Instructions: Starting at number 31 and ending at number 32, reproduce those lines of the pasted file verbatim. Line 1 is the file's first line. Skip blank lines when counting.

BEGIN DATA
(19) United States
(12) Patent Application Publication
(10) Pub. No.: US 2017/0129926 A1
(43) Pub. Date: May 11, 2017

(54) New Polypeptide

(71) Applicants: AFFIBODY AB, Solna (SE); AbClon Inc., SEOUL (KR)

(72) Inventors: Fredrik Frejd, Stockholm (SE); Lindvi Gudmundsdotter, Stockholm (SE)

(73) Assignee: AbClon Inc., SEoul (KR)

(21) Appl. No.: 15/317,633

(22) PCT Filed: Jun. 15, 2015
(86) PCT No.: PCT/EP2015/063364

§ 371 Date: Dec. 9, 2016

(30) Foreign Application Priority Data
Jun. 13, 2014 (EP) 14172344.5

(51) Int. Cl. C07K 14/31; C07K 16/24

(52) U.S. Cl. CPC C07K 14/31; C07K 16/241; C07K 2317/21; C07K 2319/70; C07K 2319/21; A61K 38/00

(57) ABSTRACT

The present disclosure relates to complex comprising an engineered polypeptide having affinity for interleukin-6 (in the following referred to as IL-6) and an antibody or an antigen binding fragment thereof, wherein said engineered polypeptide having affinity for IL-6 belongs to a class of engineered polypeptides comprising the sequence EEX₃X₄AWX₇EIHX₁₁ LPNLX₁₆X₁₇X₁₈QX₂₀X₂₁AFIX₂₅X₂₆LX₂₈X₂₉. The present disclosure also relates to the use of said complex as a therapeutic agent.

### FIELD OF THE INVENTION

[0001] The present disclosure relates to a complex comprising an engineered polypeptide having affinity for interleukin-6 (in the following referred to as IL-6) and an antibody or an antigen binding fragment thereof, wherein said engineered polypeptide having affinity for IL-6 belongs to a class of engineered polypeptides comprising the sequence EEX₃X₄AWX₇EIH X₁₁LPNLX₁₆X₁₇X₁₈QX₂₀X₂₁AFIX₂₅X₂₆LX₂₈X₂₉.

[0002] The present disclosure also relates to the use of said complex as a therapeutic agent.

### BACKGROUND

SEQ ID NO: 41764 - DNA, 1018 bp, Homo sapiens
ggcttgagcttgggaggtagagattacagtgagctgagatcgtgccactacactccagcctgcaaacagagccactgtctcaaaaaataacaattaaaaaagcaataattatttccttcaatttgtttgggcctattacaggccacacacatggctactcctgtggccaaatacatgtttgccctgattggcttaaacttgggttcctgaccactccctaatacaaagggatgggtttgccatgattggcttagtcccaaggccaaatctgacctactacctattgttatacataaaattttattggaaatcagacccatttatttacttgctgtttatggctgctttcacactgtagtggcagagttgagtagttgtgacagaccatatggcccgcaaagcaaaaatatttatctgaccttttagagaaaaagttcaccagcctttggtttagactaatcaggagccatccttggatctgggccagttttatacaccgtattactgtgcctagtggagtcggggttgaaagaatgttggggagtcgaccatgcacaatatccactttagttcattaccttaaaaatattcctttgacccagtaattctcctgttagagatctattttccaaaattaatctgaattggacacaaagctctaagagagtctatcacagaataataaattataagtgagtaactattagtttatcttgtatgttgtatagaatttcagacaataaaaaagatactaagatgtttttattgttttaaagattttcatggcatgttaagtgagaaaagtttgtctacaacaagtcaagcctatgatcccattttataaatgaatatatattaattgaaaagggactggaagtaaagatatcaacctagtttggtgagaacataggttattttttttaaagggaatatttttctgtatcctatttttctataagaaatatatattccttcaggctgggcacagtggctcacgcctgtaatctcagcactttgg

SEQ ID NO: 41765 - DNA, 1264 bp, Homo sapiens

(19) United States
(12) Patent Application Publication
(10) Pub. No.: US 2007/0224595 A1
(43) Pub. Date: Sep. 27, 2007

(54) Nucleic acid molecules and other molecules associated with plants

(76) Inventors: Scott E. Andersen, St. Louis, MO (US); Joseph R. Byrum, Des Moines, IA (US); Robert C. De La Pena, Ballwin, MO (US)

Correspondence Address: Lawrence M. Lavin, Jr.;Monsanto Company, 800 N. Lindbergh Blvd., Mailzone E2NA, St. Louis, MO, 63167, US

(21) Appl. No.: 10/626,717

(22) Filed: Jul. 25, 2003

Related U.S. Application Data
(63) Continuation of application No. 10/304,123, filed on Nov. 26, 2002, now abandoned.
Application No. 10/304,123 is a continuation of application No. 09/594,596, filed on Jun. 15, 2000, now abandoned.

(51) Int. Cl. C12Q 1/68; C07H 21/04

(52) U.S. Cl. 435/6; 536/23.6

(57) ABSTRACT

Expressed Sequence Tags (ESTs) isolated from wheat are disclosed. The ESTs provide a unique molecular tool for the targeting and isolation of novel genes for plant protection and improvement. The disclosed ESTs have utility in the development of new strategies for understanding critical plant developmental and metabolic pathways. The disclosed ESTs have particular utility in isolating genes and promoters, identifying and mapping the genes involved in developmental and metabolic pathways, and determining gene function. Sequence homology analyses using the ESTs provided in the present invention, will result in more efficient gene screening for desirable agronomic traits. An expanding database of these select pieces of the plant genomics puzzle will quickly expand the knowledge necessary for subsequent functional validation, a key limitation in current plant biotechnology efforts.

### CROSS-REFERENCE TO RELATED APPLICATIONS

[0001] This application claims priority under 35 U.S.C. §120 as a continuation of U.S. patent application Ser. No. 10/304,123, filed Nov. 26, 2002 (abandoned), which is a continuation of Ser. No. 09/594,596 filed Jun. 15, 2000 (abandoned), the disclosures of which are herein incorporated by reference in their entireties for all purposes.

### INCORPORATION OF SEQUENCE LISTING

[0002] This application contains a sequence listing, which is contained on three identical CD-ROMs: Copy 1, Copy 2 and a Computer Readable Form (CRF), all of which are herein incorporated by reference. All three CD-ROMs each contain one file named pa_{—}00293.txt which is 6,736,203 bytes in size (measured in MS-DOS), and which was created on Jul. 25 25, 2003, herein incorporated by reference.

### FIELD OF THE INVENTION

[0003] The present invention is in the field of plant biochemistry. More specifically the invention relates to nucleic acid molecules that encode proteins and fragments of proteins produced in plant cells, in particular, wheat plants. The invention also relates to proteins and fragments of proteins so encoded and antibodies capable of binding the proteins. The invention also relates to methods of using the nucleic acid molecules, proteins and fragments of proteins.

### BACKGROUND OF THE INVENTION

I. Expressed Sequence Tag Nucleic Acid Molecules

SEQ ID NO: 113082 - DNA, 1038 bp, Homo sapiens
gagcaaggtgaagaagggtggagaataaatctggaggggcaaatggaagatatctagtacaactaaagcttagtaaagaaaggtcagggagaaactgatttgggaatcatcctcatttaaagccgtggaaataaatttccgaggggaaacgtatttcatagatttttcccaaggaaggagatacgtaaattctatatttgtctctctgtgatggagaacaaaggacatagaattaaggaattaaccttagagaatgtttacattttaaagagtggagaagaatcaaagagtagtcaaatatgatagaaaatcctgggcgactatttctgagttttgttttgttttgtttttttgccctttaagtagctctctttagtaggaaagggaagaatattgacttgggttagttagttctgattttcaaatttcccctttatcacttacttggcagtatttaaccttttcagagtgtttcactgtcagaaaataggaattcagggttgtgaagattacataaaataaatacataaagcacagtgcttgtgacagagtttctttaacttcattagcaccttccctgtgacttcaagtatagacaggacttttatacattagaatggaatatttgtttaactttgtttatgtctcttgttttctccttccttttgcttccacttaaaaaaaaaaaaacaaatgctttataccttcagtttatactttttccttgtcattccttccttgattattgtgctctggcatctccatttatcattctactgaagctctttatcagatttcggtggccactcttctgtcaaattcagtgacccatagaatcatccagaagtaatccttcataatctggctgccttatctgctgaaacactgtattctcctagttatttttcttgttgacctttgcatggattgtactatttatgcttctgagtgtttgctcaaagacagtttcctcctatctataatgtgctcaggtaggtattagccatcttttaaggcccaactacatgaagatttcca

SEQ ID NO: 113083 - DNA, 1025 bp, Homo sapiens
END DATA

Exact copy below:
(76) Inventors: Scott E. Andersen, St. Louis, MO (US); Joseph R. Byrum, Des Moines, IA (US); Robert C. De La Pena, Ballwin, MO (US)

Correspondence Address: Lawrence M. Lavin, Jr.;Monsanto Company, 800 N. Lindbergh Blvd., Mailzone E2NA, St. Louis, MO, 63167, US